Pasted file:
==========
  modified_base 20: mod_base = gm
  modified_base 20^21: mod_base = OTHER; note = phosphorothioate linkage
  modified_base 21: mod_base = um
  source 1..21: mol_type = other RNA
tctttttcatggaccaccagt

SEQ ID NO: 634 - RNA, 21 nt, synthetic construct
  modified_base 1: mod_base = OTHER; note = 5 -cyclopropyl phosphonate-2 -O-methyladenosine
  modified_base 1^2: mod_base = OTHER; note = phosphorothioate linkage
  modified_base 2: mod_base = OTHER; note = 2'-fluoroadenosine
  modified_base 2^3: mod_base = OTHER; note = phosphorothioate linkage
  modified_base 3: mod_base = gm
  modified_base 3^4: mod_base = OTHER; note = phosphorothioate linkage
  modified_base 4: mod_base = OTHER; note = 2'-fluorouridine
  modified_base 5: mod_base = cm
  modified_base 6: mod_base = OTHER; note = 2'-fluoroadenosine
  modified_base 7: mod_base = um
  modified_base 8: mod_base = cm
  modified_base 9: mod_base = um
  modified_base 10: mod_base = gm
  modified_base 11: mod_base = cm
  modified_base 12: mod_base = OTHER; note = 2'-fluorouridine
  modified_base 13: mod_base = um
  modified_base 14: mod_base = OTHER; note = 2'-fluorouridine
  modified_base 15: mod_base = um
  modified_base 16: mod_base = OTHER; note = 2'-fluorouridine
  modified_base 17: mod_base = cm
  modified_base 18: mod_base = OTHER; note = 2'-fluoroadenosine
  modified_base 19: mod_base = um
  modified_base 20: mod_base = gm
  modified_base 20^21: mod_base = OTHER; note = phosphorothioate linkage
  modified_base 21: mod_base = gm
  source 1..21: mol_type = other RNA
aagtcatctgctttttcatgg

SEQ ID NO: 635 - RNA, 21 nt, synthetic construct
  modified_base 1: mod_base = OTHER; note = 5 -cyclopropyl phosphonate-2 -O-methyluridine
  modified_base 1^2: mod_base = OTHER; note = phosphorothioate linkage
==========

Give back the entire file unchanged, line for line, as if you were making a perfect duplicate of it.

  modified_base 20: mod_base = gm
  modified_base 20^21: mod_base = OTHER; note = phosphorothioate linkage
  modified_base 21: mod_base = um
  source 1..21: mol_type = other RNA
tctttttcatggaccaccagt

SEQ ID NO: 634 - RNA, 21 nt, synthetic construct
  modified_base 1: mod_base = OTHER; note = 5 -cyclopropyl phosphonate-2 -O-methyladenosine
  modified_base 1^2: mod_base = OTHER; note = phosphorothioate linkage
  modified_base 2: mod_base = OTHER; note = 2'-fluoroadenosine
  modified_base 2^3: mod_base = OTHER; note = phosphorothioate linkage
  modified_base 3: mod_base = gm
  modified_base 3^4: mod_base = OTHER; note = phosphorothioate linkage
  modified_base 4: mod_base = OTHER; note = 2'-fluorouridine
  modified_base 5: mod_base = cm
  modified_base 6: mod_base = OTHER; note = 2'-fluoroadenosine
  modified_base 7: mod_base = um
  modified_base 8: mod_base = cm
  modified_base 9: mod_base = um
  modified_base 10: mod_base = gm
  modified_base 11: mod_base = cm
  modified_base 12: mod_base = OTHER; note = 2'-fluorouridine
  modified_base 13: mod_base = um
  modified_base 14: mod_base = OTHER; note = 2'-fluorouridine
  modified_base 15: mod_base = um
  modified_base 16: mod_base = OTHER; note = 2'-fluorouridine
  modified_base 17: mod_base = cm
  modified_base 18: mod_base = OTHER; note = 2'-fluoroadenosine
  modified_base 19: mod_base = um
  modified_base 20: mod_base = gm
  modified_base 20^21: mod_base = OTHER; note = phosphorothioate linkage
  modified_base 21: mod_base = gm
  source 1..21: mol_type = other RNA
aagtcatctgctttttcatgg

SEQ ID NO: 635 - RNA, 21 nt, synthetic construct
  modified_base 1: mod_base = OTHER; note = 5 -cyclopropyl phosphonate-2 -O-methyluridine
  modified_base 1^2: mod_base = OTHER; note = phosphorothioate linkage